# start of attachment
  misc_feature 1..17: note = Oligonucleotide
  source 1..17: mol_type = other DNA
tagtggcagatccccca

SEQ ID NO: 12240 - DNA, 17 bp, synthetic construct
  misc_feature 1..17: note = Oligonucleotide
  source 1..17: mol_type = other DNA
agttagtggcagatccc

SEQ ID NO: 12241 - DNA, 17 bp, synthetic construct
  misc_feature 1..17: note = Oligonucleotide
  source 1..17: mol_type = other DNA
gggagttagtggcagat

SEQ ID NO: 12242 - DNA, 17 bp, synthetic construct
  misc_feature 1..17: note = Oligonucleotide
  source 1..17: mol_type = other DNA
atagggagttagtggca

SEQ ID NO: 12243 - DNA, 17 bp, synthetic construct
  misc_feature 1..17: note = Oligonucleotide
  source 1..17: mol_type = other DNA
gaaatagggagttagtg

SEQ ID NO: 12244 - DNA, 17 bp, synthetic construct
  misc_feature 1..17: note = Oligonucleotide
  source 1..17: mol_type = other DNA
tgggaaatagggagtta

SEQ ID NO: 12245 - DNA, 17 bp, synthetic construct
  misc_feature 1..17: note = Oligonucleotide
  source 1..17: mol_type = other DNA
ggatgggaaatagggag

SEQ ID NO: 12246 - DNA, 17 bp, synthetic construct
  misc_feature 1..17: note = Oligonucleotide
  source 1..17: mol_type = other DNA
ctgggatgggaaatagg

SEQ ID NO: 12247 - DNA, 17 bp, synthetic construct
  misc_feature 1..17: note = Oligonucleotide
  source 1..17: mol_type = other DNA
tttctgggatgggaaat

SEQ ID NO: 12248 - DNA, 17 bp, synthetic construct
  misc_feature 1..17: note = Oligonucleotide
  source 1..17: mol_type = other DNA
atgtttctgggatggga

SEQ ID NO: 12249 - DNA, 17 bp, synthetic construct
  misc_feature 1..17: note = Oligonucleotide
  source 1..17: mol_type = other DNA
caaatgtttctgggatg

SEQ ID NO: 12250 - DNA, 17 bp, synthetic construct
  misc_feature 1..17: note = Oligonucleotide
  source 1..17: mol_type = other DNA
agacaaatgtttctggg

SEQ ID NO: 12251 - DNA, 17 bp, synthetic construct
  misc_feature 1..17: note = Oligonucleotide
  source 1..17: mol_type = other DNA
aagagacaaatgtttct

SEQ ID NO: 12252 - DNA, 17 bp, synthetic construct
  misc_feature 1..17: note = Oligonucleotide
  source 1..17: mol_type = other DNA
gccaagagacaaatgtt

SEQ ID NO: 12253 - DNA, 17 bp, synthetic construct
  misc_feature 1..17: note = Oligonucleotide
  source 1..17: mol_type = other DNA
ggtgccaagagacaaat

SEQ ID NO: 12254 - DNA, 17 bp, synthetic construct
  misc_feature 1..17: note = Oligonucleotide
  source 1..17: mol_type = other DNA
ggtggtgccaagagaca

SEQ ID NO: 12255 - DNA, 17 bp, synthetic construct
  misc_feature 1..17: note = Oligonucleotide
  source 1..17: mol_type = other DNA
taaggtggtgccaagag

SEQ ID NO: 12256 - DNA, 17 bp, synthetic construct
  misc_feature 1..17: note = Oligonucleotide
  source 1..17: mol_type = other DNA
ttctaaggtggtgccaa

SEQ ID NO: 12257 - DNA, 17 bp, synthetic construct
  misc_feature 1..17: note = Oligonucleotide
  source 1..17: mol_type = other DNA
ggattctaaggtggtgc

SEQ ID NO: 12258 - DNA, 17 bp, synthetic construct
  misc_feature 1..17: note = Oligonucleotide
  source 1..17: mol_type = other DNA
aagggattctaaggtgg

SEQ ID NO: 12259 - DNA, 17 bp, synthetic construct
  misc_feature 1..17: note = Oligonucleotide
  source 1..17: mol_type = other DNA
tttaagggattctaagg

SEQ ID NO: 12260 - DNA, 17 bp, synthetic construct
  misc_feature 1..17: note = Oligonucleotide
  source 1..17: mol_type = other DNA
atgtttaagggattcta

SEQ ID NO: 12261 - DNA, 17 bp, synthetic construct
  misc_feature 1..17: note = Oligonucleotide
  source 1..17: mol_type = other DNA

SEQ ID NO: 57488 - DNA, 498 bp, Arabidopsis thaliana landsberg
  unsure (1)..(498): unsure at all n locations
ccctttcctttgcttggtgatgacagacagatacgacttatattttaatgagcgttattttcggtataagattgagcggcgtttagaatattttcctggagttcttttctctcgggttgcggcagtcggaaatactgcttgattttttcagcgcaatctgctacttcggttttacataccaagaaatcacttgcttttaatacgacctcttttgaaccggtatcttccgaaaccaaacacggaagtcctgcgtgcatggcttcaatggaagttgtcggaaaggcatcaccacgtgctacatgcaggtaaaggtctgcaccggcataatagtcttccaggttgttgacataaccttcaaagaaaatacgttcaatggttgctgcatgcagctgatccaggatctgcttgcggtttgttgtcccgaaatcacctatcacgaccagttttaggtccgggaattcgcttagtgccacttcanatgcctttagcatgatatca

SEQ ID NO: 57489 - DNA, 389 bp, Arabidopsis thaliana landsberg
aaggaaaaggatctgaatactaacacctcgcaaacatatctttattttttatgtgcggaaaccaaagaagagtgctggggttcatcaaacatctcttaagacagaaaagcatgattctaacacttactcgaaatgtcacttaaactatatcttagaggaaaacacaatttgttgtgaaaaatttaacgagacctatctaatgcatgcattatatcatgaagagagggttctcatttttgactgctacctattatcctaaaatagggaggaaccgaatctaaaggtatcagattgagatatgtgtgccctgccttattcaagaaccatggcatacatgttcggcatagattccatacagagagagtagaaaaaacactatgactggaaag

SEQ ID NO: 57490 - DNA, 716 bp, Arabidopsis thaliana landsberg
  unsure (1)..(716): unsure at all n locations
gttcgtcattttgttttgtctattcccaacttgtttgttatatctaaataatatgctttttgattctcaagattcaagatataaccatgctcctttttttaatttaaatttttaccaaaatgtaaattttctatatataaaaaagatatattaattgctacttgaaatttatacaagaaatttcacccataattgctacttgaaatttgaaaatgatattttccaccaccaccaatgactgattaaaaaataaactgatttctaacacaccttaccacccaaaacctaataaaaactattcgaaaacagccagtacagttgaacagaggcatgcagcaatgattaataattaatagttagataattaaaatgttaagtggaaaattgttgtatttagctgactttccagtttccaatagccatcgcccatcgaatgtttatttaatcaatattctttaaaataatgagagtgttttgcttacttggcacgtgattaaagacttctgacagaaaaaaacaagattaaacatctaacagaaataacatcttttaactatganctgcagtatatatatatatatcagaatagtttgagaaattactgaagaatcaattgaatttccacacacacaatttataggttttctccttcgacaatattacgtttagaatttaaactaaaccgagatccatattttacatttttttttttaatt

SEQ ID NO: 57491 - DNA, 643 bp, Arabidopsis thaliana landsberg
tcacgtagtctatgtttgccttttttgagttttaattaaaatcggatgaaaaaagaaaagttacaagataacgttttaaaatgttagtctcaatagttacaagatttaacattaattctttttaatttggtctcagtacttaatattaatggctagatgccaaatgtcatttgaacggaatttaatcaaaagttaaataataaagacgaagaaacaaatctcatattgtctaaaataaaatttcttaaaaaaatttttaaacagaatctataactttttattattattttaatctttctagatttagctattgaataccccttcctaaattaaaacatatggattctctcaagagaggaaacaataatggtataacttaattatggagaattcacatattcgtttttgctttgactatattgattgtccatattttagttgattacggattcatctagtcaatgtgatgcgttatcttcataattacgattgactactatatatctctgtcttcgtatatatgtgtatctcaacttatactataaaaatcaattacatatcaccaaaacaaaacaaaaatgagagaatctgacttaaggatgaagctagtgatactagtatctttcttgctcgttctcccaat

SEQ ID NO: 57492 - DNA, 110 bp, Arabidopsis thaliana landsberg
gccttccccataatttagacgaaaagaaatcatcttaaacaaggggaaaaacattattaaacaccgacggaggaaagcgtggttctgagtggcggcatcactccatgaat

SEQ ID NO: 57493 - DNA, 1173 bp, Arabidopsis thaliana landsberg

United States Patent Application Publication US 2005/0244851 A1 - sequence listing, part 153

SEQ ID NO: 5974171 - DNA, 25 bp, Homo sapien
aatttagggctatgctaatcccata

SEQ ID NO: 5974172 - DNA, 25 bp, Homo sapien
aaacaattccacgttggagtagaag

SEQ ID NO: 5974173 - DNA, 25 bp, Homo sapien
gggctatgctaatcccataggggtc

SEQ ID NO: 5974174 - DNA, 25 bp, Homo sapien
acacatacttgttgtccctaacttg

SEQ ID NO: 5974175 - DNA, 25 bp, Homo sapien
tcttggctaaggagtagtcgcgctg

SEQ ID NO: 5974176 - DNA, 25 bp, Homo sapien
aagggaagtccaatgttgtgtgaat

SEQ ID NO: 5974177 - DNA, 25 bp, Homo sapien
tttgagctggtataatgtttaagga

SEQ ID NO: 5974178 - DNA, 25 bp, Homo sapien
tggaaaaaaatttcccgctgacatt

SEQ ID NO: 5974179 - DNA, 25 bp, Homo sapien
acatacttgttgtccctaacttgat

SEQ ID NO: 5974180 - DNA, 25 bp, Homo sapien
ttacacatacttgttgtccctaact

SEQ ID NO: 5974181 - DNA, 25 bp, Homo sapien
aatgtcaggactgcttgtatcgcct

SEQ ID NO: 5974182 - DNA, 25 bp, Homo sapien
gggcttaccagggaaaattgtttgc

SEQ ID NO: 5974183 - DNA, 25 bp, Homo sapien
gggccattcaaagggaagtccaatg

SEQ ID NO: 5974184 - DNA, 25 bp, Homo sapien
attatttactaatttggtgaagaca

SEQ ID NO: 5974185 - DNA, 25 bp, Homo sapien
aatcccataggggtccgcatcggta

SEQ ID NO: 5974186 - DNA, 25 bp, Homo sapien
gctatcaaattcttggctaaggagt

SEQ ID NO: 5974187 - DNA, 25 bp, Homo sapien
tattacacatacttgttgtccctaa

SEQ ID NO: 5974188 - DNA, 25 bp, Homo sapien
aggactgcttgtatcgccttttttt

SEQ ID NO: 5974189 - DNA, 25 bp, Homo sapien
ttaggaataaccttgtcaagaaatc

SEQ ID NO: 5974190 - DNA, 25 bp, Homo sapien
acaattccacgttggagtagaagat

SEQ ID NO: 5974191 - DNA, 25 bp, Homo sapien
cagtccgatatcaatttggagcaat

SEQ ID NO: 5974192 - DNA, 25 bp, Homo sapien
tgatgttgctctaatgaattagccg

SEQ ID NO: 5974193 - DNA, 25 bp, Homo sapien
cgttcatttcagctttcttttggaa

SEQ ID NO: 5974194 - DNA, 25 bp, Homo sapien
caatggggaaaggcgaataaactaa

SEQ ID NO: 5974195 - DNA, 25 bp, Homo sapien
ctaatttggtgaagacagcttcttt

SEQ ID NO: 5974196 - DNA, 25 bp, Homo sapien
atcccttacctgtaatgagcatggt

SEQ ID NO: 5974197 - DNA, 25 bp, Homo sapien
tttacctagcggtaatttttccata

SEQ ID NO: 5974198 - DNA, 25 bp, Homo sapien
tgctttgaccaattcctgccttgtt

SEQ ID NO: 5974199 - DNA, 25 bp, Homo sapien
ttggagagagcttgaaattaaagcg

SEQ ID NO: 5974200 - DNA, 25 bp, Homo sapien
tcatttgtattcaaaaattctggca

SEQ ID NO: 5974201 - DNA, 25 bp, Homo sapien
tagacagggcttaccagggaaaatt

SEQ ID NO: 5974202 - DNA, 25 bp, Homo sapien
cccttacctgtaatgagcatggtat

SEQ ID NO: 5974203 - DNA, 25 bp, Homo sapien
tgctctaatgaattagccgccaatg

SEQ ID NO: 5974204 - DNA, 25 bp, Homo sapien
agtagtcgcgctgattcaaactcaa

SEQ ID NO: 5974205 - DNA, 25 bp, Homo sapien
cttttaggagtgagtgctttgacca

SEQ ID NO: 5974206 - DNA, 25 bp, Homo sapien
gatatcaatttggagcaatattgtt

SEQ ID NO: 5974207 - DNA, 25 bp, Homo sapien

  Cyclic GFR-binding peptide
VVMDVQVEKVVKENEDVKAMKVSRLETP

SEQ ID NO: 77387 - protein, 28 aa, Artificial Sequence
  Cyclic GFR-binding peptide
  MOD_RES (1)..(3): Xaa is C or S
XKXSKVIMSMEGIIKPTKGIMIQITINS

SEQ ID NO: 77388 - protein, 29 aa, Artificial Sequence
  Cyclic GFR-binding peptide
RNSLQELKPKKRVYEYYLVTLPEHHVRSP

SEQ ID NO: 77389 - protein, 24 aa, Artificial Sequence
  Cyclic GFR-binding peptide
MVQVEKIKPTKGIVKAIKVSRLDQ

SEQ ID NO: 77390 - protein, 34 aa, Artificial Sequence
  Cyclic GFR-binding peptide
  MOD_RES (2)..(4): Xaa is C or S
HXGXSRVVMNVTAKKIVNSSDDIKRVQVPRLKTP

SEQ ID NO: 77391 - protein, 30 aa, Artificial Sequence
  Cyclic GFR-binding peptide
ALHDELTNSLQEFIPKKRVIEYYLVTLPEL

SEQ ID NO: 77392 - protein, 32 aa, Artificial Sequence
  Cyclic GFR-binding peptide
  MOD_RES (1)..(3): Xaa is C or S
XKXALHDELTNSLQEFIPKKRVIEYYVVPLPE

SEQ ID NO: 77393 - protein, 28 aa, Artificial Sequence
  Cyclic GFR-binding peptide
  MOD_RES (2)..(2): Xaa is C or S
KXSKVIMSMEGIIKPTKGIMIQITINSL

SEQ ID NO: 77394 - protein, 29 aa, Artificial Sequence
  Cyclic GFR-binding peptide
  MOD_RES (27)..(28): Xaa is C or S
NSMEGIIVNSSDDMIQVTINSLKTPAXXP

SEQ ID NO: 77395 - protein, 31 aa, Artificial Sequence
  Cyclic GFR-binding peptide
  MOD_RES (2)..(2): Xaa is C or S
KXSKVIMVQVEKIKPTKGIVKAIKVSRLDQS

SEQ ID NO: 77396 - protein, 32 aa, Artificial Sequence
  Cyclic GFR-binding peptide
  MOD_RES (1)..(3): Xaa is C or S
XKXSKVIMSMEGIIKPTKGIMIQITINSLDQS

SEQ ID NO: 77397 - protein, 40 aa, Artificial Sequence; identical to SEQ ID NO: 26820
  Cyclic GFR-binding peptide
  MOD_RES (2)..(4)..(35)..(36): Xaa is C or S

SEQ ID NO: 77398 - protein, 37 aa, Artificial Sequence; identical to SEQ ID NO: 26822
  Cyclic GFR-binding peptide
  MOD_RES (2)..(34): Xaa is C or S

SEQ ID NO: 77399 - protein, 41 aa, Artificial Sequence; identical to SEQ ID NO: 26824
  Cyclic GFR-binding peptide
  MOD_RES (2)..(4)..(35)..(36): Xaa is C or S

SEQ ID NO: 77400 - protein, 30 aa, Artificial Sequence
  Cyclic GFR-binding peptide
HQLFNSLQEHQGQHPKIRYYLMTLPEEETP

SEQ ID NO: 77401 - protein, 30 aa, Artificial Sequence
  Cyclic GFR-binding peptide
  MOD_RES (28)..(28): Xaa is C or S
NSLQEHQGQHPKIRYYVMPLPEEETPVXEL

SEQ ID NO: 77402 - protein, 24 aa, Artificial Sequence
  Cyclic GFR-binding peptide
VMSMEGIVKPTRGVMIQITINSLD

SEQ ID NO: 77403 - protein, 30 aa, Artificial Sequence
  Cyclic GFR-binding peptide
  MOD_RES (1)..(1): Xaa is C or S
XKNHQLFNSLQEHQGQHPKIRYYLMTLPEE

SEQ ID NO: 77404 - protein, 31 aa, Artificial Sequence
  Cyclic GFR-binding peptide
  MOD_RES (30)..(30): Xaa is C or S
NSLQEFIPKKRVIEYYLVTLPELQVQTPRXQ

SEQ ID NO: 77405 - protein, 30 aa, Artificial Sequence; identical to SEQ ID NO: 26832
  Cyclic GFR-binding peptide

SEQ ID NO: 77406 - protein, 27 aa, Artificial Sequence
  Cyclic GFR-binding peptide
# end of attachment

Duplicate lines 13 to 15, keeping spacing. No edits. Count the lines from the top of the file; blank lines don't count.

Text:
  misc_feature 1..17: note = Oligonucleotide
  source 1..17: mol_type = other DNA
atagggagttagtggca